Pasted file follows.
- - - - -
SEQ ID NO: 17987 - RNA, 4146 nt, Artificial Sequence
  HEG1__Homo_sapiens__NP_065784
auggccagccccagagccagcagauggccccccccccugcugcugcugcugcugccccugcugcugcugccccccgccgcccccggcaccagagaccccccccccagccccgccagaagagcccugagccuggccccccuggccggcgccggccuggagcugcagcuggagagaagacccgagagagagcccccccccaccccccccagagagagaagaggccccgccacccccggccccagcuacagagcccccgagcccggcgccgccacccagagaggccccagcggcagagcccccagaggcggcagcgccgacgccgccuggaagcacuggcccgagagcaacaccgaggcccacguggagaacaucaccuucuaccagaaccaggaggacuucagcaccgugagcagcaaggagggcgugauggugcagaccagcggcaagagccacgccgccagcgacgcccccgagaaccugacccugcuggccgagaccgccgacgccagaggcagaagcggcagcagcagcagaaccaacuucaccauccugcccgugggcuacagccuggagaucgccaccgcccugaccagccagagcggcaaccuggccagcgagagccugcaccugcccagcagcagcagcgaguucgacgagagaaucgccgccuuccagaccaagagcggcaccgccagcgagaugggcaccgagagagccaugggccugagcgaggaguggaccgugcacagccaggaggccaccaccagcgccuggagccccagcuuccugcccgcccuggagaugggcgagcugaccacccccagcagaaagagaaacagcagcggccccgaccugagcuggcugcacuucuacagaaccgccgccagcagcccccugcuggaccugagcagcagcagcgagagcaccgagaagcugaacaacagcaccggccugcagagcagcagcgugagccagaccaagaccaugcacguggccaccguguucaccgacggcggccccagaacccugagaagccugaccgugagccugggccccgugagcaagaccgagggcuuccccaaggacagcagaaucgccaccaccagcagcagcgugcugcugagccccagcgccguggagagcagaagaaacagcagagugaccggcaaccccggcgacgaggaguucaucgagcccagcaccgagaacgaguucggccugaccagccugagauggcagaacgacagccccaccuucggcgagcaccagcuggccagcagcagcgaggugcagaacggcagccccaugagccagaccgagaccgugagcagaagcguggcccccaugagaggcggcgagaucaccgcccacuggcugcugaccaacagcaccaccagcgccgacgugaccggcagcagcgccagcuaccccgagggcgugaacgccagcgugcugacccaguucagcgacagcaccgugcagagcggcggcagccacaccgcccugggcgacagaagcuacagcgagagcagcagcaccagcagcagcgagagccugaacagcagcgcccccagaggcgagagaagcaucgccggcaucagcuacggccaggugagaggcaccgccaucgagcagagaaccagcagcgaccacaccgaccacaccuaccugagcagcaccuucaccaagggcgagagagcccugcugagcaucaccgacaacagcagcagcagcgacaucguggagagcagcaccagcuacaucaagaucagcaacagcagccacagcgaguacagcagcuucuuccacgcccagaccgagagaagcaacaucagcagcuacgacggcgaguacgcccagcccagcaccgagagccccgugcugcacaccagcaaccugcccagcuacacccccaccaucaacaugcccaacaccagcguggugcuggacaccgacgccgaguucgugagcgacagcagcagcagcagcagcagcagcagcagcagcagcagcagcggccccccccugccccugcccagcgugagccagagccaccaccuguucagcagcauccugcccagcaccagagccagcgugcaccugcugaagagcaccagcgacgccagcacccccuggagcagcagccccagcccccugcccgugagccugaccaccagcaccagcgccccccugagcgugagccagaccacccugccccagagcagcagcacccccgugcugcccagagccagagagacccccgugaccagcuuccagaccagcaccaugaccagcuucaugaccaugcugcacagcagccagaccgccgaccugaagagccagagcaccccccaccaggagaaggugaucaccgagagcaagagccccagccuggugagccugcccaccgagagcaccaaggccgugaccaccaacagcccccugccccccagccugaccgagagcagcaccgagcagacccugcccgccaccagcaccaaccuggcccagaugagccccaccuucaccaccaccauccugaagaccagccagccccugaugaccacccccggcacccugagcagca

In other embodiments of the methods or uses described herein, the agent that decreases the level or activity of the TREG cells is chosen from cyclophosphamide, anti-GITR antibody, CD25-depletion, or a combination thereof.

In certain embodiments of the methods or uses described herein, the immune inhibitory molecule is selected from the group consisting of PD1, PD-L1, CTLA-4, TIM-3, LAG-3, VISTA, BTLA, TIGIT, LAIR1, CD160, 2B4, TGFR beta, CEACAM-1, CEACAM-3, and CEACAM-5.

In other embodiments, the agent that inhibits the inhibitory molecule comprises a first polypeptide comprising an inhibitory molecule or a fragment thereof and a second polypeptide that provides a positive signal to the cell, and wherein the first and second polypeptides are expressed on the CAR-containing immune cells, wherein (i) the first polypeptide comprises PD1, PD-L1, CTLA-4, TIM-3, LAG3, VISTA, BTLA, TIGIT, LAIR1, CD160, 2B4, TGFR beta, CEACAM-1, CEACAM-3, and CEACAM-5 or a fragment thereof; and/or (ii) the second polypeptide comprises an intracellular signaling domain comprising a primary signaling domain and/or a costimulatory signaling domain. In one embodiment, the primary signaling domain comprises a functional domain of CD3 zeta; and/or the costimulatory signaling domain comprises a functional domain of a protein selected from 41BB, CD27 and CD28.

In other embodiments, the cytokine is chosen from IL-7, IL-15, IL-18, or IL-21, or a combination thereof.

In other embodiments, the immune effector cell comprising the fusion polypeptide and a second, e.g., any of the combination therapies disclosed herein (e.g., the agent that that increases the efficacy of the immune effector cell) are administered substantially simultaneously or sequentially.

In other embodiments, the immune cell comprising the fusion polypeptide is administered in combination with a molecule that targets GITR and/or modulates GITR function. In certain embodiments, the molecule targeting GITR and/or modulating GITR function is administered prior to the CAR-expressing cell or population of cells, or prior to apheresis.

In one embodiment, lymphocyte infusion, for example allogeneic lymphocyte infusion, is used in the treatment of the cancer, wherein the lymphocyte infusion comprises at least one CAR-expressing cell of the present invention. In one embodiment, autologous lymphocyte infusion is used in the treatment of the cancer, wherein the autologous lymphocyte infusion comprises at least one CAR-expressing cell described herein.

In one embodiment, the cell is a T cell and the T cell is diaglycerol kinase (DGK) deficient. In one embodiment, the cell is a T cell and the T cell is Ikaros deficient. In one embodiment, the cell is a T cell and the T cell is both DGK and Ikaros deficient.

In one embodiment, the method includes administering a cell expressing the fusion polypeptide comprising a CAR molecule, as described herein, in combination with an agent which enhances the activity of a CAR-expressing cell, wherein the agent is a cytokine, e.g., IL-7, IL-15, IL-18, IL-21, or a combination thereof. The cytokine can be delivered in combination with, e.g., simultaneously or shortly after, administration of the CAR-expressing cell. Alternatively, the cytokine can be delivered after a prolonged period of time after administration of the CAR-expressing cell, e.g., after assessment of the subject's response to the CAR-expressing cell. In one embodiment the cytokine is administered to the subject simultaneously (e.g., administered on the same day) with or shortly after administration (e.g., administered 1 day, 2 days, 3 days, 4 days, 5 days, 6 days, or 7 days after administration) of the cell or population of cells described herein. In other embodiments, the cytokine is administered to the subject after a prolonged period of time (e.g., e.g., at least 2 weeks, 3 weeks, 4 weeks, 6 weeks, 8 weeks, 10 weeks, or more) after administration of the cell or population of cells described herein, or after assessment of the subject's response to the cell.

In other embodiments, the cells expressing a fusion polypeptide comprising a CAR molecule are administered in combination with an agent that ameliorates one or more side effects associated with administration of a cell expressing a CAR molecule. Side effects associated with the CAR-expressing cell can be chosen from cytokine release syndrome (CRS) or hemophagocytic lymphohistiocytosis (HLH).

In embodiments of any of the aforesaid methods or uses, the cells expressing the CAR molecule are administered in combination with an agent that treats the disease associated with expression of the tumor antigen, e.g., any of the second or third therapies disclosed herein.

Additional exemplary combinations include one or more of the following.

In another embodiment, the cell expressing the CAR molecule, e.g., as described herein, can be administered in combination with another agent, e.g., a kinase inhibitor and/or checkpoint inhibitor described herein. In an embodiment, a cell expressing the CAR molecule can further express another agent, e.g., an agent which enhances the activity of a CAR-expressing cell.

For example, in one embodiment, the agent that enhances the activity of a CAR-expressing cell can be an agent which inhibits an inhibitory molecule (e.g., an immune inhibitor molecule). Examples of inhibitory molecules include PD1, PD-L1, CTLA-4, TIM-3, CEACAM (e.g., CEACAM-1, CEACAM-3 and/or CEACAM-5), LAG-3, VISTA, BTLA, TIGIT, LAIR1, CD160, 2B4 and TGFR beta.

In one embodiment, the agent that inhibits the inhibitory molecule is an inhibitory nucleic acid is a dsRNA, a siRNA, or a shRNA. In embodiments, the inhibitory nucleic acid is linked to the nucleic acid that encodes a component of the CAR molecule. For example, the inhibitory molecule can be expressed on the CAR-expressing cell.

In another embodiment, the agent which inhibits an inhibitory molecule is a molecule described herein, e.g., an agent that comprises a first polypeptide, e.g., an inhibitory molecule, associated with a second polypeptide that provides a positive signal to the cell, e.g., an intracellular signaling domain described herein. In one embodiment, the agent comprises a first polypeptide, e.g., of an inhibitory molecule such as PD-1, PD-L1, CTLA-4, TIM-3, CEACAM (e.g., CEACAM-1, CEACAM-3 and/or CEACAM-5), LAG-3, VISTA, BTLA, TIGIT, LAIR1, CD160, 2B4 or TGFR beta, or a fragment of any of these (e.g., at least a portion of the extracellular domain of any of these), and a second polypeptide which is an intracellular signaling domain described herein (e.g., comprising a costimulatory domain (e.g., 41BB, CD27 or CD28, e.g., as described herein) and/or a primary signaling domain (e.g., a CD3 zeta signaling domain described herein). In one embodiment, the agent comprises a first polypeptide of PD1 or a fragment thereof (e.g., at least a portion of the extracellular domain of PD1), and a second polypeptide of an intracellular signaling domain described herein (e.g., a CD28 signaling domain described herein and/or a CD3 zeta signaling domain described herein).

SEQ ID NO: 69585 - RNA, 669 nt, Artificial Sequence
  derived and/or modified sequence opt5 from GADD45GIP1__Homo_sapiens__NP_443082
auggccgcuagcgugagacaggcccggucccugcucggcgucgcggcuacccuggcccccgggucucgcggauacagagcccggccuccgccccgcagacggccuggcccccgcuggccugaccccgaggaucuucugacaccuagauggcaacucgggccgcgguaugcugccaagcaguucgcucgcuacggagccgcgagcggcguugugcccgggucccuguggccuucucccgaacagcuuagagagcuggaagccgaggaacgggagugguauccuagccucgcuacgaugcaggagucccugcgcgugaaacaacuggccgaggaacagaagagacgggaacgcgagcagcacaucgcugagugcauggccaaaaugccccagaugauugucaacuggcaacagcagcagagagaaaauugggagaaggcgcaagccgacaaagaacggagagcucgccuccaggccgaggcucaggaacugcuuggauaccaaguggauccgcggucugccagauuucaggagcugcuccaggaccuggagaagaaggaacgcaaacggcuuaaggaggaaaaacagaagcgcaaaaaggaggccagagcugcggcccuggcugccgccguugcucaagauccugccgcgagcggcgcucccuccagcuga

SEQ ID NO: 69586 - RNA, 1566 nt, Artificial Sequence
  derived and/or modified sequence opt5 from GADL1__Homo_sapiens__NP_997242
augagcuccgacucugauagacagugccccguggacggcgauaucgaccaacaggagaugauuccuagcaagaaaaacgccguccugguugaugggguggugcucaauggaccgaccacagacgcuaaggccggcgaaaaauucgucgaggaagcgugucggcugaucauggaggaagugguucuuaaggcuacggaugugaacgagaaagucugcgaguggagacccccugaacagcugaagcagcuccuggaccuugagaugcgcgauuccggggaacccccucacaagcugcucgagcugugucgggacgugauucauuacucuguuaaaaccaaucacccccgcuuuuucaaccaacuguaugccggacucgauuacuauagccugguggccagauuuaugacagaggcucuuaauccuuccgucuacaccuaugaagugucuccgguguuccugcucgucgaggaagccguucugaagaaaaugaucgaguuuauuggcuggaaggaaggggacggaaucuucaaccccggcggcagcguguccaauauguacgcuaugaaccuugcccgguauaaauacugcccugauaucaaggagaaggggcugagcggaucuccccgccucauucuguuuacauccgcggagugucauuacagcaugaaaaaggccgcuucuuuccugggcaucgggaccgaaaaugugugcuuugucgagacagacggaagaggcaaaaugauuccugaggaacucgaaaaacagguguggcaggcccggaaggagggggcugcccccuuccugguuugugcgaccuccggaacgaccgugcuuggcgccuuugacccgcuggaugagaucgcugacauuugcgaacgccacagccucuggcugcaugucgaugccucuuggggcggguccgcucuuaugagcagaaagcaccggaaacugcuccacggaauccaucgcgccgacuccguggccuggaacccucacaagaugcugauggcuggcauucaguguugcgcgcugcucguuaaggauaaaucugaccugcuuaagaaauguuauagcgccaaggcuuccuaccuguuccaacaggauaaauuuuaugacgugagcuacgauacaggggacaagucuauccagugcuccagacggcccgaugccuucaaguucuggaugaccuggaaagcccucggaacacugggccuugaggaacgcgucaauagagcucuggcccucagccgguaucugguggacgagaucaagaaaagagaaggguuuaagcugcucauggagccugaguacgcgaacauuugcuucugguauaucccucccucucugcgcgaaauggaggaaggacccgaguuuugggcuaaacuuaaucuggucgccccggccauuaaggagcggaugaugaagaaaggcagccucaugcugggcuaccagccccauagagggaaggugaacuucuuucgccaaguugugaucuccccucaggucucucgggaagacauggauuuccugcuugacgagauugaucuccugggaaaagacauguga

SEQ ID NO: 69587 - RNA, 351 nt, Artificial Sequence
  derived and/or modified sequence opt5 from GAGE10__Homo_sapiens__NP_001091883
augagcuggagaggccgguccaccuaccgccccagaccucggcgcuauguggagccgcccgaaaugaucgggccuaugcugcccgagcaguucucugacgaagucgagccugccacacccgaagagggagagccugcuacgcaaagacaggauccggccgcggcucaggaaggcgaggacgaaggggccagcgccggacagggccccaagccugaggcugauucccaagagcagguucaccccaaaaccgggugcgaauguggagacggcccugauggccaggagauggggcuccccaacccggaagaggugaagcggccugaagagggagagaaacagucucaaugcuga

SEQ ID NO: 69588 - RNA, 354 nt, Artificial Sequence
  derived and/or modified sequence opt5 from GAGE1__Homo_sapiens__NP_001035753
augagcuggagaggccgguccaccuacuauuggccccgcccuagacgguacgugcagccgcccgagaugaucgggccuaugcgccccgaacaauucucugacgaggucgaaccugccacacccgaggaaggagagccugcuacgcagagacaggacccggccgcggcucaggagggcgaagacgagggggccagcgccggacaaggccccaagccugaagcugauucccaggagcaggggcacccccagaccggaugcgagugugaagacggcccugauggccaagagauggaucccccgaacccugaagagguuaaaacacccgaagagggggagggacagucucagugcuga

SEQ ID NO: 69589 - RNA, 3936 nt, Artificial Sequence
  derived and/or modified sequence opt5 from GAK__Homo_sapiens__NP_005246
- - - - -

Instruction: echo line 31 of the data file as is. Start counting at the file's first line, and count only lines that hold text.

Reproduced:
augagcuggagaggccgguccaccuacuauuggccccgcccuagacgguacgugcagccgcccgagaugaucgggccuaugcgccccgaacaauucucugacgaggucgaaccugccacacccgaggaaggagagccugcuacgcagagacaggacccggccgcggcucaggagggcgaagacgagggggccagcgccggacaaggccccaagccugaagcugauucccaggagcaggggcacccccagaccggaugcgagugugaagacggcccugauggccaagagauggaucccccgaacccugaagagguuaaaacacccgaagagggggagggacagucucagugcuga